The Doppler effect is defined as “the apparent frequency change of a wave produced by the relative movement of the source with respect to its observer”. In its sonorous aspect, it explains the sound produced by an ambulance siren, for example, when it is in motion.
9- First Law of Thermodynamics (1824) – Nicolas Léonard Sadi Cornot
The First Law of Thermodynamics states that the energy produced in any system that is subjected to a thermodynamic cycle is going to be the same as the work received by it. It is a demonstration of the maxim that says that energy is transformed and is neither created nor destroyed.
10 – Demonstration of the rotation of the Earth (1851) – León Foucault
Although it was already well known, the French physicist León Foucault demonstrated the rotation of the Earth in an experiment in which he used a pendulum.
11- Statistical definition of entropy (1877) – Ludwig Boltzmann
Statistical entropy is a physical quantity that measures the extent to which an organized system is. Likewise, it responds to the reason why the internal energy increases when the temperature of the system increases.
12- First light bulb (1870) – Thomas Alva Edison
In reality, Edison was not the inventor of the light bulb itself. Instead, he was the one who patented the first carbon filament incandescent bulb with features that allowed it to be used outside the laboratory.
13- Discovery of radioactivity (1896) – Henri Becquerel
The discovery of radioactivity, like so many others, was made almost by chance when Becquerel was studying the fluorescence of uranium and potassium double sulfate.
14 – Discovery of the Electron (1897) – Joseph John Thomson
In addition to discovering the electron, which he called a corpuscle, Thomson showed that it was lighter than the rest of the elements known so far and that it was part of all atoms.
15 – Quantum Mechanics (1900) – Max Planck Important events in physics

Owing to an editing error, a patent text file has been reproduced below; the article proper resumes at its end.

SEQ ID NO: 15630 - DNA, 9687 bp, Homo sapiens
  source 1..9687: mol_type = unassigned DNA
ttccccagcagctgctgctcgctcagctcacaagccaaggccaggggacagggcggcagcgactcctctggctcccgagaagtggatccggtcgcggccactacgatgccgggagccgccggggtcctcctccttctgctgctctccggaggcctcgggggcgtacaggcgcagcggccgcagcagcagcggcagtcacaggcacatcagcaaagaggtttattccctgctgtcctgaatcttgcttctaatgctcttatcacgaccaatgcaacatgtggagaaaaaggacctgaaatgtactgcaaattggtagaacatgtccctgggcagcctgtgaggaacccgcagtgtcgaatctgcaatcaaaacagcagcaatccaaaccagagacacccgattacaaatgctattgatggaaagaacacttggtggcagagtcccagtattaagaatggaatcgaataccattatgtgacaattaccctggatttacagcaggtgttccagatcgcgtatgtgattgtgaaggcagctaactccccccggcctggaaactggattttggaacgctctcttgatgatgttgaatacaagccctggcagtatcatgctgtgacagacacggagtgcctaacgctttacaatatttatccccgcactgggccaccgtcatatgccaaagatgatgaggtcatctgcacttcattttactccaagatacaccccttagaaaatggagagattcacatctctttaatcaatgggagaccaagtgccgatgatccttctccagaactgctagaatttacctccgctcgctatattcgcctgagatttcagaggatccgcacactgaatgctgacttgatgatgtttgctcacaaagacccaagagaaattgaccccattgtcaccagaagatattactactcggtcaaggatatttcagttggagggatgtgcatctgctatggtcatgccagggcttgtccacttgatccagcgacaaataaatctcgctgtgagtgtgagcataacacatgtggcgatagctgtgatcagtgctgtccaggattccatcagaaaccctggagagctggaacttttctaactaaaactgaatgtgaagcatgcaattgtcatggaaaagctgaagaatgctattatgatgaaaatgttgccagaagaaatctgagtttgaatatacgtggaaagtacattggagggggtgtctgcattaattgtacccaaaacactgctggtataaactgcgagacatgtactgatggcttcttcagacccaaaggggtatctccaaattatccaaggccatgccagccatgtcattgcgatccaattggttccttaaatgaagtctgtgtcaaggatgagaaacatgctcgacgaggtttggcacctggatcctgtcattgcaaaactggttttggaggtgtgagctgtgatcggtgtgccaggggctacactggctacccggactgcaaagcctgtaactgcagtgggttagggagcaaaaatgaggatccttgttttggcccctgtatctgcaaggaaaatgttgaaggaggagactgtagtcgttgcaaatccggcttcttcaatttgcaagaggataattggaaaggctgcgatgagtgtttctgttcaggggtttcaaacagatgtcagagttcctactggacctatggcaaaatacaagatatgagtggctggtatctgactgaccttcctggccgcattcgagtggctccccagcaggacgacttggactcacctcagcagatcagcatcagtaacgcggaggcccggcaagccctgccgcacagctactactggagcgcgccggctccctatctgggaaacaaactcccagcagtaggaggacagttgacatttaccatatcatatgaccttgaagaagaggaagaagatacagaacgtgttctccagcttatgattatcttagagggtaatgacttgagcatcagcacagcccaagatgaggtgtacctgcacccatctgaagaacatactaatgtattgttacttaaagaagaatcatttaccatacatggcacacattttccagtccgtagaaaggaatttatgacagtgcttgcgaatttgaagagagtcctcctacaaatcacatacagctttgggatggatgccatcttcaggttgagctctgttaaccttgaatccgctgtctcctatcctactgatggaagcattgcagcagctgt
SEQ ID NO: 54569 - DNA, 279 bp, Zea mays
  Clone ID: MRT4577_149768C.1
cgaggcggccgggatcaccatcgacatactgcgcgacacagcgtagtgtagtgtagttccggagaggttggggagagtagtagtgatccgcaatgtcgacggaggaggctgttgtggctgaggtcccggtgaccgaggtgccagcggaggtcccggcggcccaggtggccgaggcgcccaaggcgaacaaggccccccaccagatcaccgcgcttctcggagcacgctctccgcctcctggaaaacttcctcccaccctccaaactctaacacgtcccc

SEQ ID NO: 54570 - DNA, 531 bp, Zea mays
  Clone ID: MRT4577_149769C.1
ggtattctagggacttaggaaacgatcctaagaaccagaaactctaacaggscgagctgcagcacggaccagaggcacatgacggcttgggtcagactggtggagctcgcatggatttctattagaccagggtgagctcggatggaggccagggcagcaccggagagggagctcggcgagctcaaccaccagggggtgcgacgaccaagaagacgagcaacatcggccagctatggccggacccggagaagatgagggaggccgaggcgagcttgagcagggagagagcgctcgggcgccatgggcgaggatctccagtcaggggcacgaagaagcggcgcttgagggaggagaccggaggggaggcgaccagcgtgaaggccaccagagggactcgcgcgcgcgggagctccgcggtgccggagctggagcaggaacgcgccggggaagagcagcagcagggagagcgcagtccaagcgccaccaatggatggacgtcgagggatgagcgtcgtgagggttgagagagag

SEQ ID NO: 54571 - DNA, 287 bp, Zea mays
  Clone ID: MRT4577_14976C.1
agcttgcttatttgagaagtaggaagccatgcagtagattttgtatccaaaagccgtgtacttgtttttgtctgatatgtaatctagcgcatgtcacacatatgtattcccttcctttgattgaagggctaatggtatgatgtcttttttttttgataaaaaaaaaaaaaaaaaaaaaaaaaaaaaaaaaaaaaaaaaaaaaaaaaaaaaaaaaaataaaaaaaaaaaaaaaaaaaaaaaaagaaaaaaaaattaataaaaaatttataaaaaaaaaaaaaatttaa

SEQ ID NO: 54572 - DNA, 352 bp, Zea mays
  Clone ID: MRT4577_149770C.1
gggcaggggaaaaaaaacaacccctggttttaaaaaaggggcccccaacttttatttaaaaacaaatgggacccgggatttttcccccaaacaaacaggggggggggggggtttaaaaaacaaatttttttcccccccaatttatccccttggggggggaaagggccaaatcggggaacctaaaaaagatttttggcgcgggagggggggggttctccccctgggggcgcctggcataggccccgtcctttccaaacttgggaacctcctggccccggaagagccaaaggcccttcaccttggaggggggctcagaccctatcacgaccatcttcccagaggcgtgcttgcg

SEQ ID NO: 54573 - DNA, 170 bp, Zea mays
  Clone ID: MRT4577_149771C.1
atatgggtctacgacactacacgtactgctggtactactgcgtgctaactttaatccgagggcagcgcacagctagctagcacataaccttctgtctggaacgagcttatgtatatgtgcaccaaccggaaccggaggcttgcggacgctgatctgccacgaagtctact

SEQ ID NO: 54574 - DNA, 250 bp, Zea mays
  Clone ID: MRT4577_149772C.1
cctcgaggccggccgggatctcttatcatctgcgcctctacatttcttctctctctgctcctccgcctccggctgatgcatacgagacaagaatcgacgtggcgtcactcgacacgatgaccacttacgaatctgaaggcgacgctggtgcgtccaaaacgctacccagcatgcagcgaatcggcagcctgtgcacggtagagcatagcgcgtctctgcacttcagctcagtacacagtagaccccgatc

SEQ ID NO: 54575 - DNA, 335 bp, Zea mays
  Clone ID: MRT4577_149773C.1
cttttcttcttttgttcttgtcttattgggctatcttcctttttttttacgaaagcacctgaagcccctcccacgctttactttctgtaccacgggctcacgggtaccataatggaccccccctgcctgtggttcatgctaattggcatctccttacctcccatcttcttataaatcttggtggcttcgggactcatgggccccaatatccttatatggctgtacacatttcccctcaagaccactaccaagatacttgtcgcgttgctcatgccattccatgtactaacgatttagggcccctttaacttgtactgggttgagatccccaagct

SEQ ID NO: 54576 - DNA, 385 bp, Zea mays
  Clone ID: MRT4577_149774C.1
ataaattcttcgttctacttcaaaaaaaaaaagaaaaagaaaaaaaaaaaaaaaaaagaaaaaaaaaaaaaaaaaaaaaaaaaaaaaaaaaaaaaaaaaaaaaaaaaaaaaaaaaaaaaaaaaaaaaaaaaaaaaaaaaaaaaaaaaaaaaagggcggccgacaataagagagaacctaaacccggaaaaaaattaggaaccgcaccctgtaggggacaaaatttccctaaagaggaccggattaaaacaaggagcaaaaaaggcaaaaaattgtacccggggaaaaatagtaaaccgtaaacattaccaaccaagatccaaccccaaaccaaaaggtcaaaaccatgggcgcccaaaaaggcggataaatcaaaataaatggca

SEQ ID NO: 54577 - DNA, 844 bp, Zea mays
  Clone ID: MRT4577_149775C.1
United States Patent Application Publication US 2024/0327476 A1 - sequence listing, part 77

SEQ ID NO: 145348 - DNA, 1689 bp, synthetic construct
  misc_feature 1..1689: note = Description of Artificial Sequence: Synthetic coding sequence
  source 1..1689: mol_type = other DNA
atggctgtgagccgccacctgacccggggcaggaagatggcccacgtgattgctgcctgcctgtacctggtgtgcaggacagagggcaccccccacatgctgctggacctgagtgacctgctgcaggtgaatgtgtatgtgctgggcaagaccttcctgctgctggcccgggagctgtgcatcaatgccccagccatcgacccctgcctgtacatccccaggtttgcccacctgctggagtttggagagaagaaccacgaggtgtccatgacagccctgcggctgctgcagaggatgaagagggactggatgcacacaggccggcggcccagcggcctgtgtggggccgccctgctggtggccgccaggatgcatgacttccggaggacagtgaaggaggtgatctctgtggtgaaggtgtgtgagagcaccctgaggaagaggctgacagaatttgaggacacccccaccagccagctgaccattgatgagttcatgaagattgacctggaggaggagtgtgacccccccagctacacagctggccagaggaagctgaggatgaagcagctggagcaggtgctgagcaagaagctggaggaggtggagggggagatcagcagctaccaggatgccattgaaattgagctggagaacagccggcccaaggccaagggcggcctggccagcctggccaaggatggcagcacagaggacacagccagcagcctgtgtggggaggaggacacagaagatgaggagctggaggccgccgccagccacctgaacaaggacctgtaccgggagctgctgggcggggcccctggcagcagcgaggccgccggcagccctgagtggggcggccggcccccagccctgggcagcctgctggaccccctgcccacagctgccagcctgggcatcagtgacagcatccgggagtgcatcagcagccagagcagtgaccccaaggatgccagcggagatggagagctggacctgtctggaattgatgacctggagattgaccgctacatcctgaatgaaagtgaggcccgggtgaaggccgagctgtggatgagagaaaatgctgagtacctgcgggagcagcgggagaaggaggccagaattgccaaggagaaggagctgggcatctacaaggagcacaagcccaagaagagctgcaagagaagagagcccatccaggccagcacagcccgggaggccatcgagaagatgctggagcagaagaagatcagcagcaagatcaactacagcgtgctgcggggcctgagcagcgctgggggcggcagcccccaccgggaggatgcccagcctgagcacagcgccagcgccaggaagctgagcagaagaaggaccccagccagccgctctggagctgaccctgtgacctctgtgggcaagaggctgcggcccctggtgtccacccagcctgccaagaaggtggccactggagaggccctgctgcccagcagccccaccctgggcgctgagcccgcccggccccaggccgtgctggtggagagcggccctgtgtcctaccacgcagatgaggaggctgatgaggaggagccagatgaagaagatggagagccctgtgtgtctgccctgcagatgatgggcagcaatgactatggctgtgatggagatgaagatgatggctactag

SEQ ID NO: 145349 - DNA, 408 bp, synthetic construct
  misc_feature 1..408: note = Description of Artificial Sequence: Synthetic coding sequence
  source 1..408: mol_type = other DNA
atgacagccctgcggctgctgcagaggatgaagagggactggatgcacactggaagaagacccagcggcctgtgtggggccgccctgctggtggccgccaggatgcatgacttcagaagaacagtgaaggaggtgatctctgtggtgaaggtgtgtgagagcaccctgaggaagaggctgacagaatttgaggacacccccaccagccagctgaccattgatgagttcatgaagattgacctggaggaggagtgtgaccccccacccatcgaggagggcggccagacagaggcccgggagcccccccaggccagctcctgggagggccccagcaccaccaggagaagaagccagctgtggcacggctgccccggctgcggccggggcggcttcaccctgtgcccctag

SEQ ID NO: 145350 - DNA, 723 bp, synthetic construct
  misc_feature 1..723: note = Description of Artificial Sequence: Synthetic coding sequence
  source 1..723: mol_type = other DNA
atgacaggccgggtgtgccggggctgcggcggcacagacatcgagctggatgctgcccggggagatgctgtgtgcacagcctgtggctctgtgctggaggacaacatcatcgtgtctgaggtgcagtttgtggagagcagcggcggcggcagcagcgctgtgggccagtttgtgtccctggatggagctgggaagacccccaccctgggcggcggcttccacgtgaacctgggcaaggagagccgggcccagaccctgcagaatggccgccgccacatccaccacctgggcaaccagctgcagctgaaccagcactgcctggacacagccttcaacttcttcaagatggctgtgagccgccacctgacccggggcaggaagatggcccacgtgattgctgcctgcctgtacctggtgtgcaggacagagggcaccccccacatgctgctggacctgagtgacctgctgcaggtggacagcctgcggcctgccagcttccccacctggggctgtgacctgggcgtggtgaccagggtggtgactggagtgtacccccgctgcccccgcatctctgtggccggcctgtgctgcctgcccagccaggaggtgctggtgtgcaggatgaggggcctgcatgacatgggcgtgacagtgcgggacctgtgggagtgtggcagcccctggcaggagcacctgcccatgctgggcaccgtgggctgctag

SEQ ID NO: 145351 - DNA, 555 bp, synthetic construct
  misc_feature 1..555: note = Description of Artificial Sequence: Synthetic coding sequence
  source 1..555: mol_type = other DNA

Quantum physics is a part of the discipline that is still in development. The first to describe its fundamental principles was Max Planck, who stated that energy is transmitted in packets called quantum and not continuously.
16- Transoceanic transmission and reception of radio waves (1901) – Guillermo Marconi
The study of radio waves took a qualitative leap when Marconi managed to transmit them across the ocean.
17- Motor Propelled Biplane (1903) – Wright Brothers
The human dream of being able to fly had a breakthrough in 1903. That year, Wilmur and Orville Wright became the first to overcome gravity with a motor-powered biplane.
18- Theory of Special Relativity (1905) – Albert Einstein
Physicist Albert Einstein formulated in 1905 the Theory of Special Relativity, based on the principle of relativity and that light maintains a constant speed. That same year, he also discovered that light could behave like a stream of energetic particles under some circumstances. The physicist called those particles photons.
19- Fission of the atom (1938) – Otto Hahn and Fritz Stranman
The discovery that atoms could be broken was fundamental to the development of atomic weapons and nuclear energy.
20- Microscopic fibers (2004) – Technical University of Liberec
Scientists at the university center discovered in 2004 a technology that made it possible to weave microscopic fibers or nanofibers. This discovery can have great applications in the medical field.
21- Discovery of the Higgs boson (2012) – CERN Important events in physics
This particle is the one that gives mass to all the others. Called the God particle, its discovery allowed the completion of the Standard Model of Particle Physics. Important events in physics